If you don’t want to have your meat preserved with lard, there are many other ways to preserve your meat for the future that don’t require electricity. One way to do this is to dehydrate your meat.
Depending on where in the world you are from, you might be more familiar with biltong or jerky. Both are similar in that they are different forms of dried meat, but they originated from different parts of the globe, and are prepared differently.
Biltong comes from South Africa and is prepared by marinating it in vinegar and spices to cure it and add extra flavoring, then hung out to be air-dried to the texture you prefer.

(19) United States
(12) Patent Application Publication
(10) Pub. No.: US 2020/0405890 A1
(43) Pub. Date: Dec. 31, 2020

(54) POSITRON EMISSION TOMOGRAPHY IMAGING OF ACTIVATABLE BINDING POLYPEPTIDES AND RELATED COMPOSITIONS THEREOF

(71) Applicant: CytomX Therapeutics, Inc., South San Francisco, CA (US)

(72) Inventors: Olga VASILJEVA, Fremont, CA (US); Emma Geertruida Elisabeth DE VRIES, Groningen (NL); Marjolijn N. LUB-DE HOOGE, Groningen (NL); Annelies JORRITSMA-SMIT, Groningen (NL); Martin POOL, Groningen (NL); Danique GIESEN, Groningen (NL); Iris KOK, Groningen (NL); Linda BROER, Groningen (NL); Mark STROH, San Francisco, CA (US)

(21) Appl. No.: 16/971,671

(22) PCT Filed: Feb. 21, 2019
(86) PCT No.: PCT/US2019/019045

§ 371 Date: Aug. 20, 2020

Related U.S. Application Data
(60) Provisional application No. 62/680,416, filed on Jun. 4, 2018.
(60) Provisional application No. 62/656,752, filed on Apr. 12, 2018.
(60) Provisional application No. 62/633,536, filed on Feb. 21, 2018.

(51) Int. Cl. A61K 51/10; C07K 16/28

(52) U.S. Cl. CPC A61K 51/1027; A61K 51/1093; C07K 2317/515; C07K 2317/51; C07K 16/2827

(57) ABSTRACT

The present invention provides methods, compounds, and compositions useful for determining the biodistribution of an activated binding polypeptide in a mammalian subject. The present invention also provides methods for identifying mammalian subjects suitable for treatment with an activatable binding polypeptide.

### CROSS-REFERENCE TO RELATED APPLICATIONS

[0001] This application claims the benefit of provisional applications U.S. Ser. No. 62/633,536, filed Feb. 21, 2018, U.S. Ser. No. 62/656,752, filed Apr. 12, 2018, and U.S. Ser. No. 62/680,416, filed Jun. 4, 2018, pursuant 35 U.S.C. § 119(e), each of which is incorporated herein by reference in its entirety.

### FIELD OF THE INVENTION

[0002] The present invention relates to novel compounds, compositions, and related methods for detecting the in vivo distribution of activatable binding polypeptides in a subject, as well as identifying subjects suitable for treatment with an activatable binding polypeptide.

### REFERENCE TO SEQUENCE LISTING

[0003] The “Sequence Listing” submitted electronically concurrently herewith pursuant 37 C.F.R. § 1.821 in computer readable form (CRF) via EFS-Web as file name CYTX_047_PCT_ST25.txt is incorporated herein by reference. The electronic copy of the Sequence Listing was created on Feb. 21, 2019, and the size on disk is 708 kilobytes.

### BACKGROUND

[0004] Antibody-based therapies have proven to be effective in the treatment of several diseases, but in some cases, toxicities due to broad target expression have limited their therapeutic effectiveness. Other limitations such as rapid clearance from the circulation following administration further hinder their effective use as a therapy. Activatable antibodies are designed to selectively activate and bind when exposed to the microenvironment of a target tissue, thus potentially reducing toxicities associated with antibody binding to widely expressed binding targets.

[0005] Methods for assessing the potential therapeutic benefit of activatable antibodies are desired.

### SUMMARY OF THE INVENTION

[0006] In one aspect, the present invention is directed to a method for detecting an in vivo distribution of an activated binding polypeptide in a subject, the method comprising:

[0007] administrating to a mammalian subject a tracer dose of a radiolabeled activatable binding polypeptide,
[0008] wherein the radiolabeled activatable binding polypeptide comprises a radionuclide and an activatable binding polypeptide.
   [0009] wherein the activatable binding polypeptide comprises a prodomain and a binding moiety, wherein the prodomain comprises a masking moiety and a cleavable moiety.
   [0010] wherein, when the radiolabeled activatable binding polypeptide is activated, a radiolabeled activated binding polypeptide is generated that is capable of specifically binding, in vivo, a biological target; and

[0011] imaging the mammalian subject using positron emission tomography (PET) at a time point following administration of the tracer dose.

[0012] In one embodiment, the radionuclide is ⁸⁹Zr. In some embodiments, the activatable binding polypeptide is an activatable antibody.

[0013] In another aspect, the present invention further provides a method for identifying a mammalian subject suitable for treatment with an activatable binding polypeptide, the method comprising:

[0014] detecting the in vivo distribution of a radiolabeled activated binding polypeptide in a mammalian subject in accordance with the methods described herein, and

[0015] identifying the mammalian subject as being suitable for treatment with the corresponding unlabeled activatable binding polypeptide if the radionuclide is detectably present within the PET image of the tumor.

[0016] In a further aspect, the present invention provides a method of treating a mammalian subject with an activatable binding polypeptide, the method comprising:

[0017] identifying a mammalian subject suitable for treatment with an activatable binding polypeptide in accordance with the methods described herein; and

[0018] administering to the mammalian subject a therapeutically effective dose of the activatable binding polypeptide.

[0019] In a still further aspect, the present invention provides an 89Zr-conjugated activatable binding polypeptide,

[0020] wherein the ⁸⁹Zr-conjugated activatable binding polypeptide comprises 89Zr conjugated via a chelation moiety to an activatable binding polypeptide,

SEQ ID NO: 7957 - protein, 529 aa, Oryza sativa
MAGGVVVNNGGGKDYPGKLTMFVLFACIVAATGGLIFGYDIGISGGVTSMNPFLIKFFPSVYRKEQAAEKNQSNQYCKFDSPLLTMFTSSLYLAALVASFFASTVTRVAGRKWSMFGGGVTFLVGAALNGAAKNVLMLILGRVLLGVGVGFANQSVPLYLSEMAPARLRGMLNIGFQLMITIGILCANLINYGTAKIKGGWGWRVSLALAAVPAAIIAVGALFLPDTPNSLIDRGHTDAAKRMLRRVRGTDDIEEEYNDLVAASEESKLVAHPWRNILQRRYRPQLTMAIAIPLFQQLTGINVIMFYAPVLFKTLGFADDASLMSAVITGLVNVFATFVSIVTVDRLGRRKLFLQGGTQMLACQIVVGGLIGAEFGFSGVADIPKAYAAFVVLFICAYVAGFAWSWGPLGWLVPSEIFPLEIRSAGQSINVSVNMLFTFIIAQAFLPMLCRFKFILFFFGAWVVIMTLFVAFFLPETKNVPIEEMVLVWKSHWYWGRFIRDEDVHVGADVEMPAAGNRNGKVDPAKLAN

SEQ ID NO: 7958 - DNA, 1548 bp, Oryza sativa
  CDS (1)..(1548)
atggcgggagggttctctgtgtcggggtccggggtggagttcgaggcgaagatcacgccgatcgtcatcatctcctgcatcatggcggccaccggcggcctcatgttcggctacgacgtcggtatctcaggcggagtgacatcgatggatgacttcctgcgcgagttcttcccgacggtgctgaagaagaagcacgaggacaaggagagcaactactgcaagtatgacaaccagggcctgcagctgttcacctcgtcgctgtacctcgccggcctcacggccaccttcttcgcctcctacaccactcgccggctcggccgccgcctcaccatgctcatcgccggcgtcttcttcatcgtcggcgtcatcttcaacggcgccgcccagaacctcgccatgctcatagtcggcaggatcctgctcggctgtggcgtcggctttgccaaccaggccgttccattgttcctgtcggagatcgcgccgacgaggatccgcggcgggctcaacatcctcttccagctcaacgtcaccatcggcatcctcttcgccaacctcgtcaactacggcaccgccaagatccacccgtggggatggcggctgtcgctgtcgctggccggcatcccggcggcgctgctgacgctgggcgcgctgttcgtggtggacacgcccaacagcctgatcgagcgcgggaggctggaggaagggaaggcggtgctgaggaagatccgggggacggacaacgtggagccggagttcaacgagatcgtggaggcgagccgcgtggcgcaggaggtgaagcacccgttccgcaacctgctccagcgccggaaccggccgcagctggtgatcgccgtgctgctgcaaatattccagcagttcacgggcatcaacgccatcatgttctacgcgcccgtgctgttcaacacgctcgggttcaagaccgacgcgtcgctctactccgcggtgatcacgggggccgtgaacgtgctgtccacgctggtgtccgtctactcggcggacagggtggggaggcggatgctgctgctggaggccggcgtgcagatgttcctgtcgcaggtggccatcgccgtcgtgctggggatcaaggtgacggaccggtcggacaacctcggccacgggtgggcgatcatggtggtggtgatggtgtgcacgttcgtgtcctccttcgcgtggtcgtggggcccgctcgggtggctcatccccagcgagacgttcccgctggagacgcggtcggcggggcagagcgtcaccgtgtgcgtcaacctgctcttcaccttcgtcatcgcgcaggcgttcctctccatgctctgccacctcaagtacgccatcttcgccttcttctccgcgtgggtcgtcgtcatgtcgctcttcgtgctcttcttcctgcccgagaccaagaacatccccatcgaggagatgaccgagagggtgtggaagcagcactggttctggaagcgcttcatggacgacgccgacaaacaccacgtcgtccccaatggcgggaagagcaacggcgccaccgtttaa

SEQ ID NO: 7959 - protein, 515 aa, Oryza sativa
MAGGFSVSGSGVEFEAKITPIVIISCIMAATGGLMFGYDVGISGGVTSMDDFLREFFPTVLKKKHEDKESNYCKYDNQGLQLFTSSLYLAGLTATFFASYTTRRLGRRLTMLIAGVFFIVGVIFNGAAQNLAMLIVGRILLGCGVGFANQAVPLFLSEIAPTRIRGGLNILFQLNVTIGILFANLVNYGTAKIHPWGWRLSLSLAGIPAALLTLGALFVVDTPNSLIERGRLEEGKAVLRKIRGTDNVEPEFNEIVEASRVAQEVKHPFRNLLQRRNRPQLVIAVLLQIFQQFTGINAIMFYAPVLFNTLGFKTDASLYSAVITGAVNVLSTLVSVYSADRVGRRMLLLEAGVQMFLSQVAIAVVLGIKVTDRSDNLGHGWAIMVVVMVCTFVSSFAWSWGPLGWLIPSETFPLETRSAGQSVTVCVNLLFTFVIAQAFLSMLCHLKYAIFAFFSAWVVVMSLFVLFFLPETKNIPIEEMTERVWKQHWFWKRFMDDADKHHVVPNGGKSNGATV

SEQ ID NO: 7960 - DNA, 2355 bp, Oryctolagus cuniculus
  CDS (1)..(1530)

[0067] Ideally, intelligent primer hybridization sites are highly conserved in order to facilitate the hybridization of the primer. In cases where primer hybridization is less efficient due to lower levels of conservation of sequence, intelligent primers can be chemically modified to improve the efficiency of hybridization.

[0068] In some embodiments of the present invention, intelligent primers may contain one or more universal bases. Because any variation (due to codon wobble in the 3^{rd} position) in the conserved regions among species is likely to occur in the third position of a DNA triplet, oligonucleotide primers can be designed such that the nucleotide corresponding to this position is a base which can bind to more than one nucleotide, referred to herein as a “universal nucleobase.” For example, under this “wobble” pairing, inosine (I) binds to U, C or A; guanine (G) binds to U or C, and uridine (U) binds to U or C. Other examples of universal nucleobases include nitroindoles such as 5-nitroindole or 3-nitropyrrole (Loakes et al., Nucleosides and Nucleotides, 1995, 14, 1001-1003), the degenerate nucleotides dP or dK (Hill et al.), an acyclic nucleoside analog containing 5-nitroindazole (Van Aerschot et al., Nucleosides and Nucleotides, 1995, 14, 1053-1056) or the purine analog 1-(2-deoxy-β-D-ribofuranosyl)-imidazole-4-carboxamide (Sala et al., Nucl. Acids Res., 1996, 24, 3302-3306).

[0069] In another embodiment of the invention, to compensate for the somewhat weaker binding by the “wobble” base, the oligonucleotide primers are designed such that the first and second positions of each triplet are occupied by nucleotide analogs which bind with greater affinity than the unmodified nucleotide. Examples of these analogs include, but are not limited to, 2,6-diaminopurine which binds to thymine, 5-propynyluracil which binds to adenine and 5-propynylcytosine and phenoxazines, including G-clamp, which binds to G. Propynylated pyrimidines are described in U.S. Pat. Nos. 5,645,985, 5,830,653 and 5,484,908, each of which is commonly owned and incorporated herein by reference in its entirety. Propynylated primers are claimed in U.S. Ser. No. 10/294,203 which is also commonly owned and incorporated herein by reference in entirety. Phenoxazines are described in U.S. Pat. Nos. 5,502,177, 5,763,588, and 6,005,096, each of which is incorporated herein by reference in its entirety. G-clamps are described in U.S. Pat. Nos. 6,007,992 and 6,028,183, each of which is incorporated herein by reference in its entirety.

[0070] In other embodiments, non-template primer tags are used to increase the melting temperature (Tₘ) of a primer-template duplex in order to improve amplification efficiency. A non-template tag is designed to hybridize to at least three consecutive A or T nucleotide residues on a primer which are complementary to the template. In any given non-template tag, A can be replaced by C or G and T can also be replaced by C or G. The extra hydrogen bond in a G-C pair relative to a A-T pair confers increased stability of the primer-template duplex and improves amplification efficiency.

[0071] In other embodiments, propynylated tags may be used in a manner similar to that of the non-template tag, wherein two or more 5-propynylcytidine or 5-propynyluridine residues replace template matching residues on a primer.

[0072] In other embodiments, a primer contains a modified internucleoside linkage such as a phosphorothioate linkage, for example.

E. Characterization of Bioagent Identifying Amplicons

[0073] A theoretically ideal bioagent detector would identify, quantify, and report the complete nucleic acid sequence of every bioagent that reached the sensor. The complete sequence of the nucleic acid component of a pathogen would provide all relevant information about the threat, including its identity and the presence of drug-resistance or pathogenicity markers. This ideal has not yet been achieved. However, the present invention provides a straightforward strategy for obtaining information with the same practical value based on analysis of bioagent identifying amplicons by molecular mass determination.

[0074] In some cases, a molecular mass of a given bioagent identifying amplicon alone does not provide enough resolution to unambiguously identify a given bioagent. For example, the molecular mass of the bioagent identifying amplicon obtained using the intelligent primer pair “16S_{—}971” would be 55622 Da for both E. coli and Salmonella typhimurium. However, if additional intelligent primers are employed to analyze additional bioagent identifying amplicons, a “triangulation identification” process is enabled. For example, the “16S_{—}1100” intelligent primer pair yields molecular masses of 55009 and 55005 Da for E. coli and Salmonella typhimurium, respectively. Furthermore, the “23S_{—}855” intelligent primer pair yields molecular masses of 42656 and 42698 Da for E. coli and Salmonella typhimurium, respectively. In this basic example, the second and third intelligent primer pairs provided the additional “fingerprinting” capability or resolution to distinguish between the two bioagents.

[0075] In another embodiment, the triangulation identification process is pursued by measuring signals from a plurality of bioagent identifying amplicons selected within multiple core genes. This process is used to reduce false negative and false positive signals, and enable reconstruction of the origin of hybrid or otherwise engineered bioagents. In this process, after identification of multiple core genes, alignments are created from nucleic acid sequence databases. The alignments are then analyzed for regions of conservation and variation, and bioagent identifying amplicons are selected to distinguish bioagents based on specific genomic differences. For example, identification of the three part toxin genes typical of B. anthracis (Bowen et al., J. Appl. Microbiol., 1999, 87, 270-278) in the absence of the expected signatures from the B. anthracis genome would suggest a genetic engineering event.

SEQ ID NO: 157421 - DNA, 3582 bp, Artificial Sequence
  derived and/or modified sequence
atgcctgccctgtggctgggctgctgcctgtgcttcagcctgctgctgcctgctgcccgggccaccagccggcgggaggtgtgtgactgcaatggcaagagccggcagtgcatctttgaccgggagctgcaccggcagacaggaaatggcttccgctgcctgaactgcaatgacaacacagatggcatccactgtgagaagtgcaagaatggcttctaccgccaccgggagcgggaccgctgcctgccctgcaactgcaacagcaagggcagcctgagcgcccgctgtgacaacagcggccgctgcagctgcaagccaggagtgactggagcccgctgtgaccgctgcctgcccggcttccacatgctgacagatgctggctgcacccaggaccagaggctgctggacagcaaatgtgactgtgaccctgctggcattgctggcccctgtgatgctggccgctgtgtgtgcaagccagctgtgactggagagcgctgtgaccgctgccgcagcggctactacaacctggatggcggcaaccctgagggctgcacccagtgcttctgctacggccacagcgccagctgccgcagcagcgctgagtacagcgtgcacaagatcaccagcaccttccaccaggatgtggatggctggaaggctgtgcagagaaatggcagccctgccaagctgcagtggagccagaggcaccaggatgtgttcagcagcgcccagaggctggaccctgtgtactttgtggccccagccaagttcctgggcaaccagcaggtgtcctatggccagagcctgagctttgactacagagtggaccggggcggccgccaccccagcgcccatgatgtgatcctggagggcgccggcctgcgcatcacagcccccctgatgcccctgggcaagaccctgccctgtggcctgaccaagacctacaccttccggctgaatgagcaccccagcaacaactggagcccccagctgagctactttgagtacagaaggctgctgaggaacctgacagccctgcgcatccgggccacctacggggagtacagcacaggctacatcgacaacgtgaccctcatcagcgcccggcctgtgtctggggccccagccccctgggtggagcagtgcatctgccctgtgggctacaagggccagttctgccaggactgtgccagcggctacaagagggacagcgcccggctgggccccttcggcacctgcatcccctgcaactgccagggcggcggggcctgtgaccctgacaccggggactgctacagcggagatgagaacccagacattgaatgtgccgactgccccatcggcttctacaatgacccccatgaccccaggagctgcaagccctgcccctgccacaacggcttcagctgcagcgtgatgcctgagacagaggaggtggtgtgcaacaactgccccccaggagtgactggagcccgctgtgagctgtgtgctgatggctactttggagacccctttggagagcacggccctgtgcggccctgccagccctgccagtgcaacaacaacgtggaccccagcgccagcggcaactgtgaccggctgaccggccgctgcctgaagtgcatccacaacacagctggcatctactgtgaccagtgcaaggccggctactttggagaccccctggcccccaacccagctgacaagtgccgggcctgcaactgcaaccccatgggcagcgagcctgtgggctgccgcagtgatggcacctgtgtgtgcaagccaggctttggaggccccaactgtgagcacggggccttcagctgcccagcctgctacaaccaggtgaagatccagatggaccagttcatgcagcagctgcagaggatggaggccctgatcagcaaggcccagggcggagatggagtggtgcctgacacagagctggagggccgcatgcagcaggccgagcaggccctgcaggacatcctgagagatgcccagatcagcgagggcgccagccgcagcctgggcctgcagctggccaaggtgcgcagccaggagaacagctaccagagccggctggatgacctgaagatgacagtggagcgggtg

Jerky, on the other hand, is made by putting the meat in a sauce-like marinade with spices, then dehydrating it. If you do not have electricity, this can be done by using:
- A solar oven
- A solar dehydrator
- A kerosene cookstove or oven
- A stove top oven. This oven sits nearly over one burner.
- A wood stove like the Vermont Bun Baker.
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7. Pressure Canning
For those homesteaders who are just starting out on the journey of preserving meats, or for those who want an easier way to keep meat fresh in the long term, there are other easier ways to preserve meat than dehydrating it or turning it into confit.
The first way is to pressure can the meat. This will require some special equipment in the form of a pressure canner and mason jars, but on a homestead, this equipment can be reused for other foods, not just meat.